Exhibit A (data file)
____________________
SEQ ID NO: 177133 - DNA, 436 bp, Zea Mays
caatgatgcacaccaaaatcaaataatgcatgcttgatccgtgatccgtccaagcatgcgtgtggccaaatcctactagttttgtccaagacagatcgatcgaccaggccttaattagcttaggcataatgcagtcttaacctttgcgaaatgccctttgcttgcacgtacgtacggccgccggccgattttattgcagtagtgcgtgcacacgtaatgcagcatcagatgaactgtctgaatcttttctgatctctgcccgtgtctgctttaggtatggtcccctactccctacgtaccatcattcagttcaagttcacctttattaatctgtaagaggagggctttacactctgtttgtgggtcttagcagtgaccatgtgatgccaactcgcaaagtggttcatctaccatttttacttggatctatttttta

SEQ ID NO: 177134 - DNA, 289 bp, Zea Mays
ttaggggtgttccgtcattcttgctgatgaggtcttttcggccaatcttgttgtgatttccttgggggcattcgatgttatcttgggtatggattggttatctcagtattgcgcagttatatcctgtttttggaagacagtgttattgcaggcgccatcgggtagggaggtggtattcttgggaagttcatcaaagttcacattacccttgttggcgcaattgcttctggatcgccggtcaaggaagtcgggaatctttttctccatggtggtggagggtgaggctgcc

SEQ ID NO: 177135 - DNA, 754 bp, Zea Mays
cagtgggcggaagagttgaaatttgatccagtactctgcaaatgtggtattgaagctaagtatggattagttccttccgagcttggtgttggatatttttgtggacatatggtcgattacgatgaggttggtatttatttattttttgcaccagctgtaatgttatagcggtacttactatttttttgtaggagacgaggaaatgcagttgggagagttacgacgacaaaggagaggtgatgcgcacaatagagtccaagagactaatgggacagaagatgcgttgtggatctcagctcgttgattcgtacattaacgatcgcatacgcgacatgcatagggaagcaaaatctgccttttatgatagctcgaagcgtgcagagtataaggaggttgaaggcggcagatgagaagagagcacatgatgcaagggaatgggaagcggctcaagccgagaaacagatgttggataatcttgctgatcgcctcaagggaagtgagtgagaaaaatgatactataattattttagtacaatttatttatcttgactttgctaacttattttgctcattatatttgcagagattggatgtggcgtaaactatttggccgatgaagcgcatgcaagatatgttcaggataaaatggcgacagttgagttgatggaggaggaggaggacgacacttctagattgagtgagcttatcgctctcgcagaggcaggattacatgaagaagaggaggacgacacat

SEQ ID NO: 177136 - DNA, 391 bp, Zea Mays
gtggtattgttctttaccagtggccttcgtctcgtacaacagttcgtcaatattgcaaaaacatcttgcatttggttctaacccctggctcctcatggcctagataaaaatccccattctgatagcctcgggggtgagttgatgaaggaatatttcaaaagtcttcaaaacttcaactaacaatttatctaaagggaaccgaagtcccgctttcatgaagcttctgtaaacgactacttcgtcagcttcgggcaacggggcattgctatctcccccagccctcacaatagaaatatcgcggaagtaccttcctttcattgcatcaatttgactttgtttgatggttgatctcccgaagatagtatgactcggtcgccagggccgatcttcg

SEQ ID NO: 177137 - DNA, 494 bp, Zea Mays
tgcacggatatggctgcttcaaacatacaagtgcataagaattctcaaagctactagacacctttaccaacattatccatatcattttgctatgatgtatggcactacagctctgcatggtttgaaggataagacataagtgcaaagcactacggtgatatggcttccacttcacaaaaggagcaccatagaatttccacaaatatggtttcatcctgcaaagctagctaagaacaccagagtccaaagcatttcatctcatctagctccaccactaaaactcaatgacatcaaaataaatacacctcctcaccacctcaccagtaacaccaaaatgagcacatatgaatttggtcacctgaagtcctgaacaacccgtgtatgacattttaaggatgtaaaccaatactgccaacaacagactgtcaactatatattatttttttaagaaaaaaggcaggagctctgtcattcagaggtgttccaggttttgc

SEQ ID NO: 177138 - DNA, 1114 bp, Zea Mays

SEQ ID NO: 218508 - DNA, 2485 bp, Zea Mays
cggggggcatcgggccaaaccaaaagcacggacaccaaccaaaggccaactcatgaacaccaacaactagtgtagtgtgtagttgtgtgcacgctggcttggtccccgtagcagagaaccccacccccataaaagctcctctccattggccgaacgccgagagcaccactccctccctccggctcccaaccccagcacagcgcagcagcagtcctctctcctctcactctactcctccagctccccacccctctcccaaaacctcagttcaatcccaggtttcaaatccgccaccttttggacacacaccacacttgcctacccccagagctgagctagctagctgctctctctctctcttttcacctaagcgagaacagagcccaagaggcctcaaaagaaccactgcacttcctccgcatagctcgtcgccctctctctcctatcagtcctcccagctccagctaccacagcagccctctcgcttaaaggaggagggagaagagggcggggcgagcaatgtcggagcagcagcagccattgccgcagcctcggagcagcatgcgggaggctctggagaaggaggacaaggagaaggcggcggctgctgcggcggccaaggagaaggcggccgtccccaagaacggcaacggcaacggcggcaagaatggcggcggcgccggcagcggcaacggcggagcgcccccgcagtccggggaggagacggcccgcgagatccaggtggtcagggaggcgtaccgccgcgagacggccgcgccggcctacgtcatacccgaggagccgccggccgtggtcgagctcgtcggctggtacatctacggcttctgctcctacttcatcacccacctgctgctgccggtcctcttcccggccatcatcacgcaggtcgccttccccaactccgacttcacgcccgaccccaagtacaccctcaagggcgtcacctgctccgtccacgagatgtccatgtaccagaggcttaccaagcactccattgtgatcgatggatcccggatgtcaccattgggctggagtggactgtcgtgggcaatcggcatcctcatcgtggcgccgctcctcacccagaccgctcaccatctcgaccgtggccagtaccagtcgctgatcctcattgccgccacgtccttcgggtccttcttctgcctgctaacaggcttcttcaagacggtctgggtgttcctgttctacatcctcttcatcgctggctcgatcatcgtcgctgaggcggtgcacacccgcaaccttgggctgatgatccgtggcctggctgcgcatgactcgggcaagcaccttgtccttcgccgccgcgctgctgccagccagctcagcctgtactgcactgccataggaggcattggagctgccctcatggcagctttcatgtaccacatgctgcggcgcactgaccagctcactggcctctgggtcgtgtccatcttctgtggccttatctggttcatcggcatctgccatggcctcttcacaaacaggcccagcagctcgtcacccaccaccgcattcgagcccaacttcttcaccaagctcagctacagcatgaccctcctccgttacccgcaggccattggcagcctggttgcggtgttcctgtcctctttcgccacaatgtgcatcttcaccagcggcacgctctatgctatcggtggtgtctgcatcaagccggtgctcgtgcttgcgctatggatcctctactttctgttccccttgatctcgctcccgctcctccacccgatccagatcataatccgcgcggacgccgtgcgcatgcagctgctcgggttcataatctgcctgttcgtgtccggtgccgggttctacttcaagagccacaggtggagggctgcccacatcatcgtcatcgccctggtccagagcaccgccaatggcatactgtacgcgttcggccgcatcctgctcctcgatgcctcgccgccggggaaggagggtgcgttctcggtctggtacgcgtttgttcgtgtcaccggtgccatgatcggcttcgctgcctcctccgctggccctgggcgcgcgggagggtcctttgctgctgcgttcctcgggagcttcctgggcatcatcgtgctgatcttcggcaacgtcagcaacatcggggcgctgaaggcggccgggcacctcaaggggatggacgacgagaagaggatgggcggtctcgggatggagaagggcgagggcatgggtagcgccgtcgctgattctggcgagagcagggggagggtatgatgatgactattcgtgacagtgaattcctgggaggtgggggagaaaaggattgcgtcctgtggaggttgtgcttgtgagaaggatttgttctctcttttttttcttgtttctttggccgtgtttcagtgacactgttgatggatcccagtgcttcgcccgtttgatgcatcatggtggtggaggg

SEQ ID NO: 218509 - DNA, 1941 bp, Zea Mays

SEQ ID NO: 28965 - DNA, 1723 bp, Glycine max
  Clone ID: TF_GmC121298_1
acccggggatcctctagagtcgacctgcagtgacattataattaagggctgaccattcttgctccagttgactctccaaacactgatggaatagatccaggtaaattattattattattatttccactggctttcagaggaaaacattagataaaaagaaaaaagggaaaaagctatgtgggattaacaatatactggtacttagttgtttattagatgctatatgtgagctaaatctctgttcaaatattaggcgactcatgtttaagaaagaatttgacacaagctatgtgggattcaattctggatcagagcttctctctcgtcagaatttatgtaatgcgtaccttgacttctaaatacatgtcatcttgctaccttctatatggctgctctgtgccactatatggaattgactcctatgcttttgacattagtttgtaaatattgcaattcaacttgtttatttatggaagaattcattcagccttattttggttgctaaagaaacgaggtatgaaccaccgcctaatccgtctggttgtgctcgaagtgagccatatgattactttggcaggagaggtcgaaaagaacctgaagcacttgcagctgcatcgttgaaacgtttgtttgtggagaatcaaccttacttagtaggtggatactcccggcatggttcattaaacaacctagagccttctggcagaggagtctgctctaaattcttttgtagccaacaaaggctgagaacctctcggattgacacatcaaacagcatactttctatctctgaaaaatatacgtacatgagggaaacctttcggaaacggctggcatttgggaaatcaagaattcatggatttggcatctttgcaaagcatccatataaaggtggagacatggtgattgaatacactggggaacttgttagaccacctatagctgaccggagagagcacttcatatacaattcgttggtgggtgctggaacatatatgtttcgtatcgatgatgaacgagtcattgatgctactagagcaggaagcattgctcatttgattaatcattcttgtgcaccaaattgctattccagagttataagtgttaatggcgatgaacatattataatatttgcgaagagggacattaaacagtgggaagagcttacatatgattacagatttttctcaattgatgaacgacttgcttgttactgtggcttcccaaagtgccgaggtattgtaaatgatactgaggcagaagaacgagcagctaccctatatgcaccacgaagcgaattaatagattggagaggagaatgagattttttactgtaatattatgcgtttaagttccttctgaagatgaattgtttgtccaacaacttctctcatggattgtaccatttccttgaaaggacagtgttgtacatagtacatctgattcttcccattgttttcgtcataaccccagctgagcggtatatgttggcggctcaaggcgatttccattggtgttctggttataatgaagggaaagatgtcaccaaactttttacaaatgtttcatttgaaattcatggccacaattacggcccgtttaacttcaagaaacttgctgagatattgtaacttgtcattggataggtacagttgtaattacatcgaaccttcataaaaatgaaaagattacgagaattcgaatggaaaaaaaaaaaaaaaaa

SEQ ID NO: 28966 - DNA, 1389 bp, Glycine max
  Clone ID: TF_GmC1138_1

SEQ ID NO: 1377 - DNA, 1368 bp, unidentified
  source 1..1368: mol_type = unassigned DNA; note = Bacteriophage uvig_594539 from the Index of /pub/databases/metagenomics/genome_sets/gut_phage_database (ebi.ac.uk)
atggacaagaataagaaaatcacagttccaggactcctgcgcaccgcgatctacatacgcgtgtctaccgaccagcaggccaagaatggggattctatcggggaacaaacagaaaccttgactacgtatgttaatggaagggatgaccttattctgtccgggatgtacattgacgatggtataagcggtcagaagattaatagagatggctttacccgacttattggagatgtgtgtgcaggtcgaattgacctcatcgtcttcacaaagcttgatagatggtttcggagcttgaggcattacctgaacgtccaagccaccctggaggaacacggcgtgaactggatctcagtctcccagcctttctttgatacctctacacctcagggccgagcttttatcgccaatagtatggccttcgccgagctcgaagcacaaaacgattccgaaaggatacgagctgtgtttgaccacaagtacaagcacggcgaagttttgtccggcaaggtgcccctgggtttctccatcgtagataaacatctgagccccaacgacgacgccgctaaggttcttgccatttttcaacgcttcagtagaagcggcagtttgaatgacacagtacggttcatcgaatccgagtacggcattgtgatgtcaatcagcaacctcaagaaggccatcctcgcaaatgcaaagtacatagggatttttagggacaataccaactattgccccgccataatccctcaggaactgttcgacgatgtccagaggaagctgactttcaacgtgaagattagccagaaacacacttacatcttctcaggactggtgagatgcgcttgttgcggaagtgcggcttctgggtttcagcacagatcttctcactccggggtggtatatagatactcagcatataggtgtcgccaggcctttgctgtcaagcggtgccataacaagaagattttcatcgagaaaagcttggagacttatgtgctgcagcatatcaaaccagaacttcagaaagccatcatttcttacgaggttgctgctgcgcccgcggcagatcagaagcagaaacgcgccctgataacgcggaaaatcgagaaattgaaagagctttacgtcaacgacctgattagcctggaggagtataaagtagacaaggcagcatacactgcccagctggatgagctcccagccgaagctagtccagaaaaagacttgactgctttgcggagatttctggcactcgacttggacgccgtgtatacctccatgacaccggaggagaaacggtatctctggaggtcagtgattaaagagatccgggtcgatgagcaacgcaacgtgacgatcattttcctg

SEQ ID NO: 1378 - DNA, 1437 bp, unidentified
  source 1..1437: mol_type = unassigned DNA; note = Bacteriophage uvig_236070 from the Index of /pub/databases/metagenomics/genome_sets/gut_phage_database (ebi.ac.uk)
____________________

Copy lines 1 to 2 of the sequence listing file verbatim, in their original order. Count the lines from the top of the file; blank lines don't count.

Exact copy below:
SEQ ID NO: 177133 - DNA, 436 bp, Zea Mays
caatgatgcacaccaaaatcaaataatgcatgcttgatccgtgatccgtccaagcatgcgtgtggccaaatcctactagttttgtccaagacagatcgatcgaccaggccttaattagcttaggcataatgcagtcttaacctttgcgaaatgccctttgcttgcacgtacgtacggccgccggccgattttattgcagtagtgcgtgcacacgtaatgcagcatcagatgaactgtctgaatcttttctgatctctgcccgtgtctgctttaggtatggtcccctactccctacgtaccatcattcagttcaagttcacctttattaatctgtaagaggagggctttacactctgtttgtgggtcttagcagtgaccatgtgatgccaactcgcaaagtggttcatctaccatttttacttggatctatttttta